The Twins of House Frey are impressive. They rise up from the river flats, two hulking sentinels occupying either shore of the swift Green River. Joined by a bridge and the center Water Tower, if is a challenging fortress to assail and conquer.
So far on our trip we’ve walked through museums rife with emotion. One of the worst is the Twins, the infamous site of the Red Wedding. The hall is normal, now, draped in tapestries of fishing folk and portraits of the Frey family. The wooden floors gleam with wax, and the air is floral. A fire burns in the center of the hall—not a real fire but a hologram of one—making the hall welcoming and even homey. But I couldn’t wander through without pondering the horror of the murders that took place there.
The view from the causeway is stunning. The silver river is broader than the Mississippi here as it flows south through the valley to join the Trident. Tawny hills with every shade of orange and brown roll up to a sky mottled with clouds. Gulls wheel in the sky, and along the river banks herons stood and geese floated in the shallows.
We’d booked too late to land a two-night stay in the guest quarters of the Water Tower, to share the same room Catelyn Tully occupied. But our room in the eastern tower was room, and warm, and I spent long minutes watching the river.
My husband was very much looking forward to the Iron Islands, and I have to say I was sorry to leave the Twins—despite their horrific past. We travelled to Seagard to embark on the several-hour catamaran cruise to Pyke. This was a lovely trip, as the Iron Islands rose out of the windy sea, rocky peaks topped with fortresses, seabirds circling the cliffs, and not a tree of blade of grass in sight anywhere.
We’d been warned to dress warmly and were glad of our down jackets, woolly hats and thermals. It was cold!! Worse, I thought, than Winterfell, and probably because of the damp. Moisture was everywhere, coating the slate-colored bluffs, the stone castle walls, and everything else.
But there was no time to fret about the cold, and the staff kept us busy as if to keep our minds off our numb fingers. They staged a Drowned God ceremony that was scarily authentic. We boarded a war galley and sailed out into the bay—here we had our chance at the oars, but I declined. My husband tried it and kept up pretty well, even at “ramming speed”. He earned a special button emblazoned with the Ironborn kraken.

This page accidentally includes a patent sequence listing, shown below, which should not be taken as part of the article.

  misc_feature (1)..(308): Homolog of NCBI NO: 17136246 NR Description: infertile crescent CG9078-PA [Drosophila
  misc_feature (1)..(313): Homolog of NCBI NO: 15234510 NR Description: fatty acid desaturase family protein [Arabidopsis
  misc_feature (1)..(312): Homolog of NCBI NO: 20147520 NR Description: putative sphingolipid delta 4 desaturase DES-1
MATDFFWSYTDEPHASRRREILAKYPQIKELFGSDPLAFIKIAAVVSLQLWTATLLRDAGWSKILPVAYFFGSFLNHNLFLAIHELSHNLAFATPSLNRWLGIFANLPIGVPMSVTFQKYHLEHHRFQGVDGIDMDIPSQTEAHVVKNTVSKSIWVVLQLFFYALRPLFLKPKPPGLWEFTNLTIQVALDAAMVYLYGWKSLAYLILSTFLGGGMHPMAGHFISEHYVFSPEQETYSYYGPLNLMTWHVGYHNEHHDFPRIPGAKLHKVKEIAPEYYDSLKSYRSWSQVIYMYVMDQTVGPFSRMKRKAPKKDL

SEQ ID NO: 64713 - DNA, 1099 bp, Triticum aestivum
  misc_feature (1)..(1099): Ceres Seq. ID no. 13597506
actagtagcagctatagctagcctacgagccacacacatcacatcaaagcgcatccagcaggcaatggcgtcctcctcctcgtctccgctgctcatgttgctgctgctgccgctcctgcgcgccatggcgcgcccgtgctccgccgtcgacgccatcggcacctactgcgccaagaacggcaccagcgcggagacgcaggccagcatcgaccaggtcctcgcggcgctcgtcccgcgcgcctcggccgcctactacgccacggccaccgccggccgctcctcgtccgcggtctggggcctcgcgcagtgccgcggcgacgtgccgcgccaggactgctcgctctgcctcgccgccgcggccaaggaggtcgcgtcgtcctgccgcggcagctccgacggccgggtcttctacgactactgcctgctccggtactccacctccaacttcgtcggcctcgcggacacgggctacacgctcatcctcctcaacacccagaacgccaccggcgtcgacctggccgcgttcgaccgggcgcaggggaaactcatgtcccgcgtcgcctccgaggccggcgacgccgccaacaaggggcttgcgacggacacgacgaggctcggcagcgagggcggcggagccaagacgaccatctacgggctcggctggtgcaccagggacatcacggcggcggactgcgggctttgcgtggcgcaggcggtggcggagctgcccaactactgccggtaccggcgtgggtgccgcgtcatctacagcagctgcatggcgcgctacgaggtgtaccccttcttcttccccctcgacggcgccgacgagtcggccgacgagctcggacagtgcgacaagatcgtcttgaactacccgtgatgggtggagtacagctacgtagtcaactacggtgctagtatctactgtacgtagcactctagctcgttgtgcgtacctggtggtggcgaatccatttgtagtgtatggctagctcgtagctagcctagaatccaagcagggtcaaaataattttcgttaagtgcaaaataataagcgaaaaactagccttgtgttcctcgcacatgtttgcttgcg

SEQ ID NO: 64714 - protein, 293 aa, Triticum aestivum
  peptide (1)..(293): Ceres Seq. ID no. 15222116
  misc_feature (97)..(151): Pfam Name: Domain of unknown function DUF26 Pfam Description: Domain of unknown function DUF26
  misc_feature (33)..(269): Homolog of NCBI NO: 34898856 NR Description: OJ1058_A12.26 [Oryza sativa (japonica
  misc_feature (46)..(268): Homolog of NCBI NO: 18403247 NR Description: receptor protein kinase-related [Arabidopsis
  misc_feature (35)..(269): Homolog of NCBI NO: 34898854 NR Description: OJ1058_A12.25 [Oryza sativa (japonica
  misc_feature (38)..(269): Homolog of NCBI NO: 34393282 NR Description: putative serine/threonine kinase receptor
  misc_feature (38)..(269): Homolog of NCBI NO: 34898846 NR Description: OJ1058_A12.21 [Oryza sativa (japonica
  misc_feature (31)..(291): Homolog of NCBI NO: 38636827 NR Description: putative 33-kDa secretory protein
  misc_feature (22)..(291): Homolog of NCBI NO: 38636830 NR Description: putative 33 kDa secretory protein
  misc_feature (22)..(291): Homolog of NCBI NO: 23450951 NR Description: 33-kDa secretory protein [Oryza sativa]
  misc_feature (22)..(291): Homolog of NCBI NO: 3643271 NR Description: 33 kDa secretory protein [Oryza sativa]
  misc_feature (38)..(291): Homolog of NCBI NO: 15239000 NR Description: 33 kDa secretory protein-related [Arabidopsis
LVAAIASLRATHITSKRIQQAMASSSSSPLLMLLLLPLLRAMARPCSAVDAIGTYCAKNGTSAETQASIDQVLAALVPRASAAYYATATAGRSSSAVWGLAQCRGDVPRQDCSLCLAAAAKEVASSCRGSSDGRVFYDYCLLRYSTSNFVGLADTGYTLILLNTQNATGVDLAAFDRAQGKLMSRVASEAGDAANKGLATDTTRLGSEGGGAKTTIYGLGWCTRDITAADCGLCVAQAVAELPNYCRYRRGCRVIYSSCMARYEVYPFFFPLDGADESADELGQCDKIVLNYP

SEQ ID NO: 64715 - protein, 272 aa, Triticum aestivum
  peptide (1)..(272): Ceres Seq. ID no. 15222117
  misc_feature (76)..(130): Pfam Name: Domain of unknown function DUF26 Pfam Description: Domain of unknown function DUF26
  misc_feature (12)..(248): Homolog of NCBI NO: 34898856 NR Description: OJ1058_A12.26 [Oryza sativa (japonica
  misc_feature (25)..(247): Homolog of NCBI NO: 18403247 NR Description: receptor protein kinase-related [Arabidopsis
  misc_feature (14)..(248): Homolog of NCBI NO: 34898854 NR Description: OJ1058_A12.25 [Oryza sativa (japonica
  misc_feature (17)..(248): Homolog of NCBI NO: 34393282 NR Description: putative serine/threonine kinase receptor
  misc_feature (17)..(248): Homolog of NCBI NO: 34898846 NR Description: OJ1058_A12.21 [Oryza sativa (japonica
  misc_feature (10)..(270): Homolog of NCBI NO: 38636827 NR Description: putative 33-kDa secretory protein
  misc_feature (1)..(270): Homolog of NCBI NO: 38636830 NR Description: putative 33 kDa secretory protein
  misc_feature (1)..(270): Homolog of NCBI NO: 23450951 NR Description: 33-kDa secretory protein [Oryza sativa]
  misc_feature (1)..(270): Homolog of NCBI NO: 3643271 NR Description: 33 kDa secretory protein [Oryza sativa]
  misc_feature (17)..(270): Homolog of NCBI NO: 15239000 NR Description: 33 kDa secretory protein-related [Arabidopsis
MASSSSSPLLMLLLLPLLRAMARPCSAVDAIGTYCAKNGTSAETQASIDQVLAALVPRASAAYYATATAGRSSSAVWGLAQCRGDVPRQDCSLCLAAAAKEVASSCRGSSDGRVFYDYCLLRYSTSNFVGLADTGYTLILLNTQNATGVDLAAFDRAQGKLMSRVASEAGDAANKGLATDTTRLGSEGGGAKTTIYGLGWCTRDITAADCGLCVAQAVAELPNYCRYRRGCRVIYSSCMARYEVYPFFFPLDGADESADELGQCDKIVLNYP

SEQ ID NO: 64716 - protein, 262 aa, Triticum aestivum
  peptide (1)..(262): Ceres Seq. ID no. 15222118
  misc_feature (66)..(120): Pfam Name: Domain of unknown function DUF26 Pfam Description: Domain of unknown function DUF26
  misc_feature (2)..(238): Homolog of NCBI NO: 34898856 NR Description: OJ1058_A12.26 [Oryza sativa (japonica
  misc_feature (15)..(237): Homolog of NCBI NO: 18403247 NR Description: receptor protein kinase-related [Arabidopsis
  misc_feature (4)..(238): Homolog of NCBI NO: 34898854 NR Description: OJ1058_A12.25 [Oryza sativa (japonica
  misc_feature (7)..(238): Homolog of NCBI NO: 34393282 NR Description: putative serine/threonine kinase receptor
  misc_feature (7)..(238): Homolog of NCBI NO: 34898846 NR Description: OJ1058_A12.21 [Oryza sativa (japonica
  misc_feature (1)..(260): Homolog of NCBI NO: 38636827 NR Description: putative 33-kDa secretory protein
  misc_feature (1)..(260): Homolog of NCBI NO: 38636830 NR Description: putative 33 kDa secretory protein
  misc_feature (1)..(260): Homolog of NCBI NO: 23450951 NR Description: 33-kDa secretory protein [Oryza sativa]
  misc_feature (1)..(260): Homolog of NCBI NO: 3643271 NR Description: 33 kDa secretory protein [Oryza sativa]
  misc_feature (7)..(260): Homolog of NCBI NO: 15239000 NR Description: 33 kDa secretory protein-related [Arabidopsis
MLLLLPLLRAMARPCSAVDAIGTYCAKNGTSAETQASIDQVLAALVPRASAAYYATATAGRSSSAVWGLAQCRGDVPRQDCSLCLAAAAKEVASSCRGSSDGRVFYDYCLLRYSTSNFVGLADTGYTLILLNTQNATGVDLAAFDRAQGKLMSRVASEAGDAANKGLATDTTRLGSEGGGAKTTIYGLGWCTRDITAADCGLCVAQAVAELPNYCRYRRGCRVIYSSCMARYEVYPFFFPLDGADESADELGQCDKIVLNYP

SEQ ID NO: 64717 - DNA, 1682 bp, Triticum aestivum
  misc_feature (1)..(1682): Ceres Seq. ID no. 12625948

The ships are amazing and huge. There were hundreds—it seemed, anyway—in the bay. Their bowsprits were carved into krakens, resembling giant squid with blazing, even eyes.
We stayed at Great Wyk, the outermost island, as we had been advised that was the most sheltered place. But “sheltered” on the Iron Islands is relative. It was so windy the sand struck our faces if we ventured out onto the walkways.
There is a fine portrait of Theon Greyjoy. The staff have hung it alongside that of Asha Greyjoy, despite his spotty reputation. Many of the halls have been dedicated to the warrior-like, violent Ironborn: Euron and Victarion among them. There was a startling depiction of Aeron “Damphair”, before his devotion to the Drowned God. In the painting he is really the prettiest of them all.
After three exhausting days on the Iron Islands, we returned to Seagard and were flown to Baelish Keep on the Fingers. It was prettier than I expected and very relaxing. There was even a spa! This, of course was all in preparation for the Eyrie, as we had been warned that this leg of the tour was the most vigorous of all.
Next week: The Eyrie, Riverrun, Harrenhal and Dragonstone.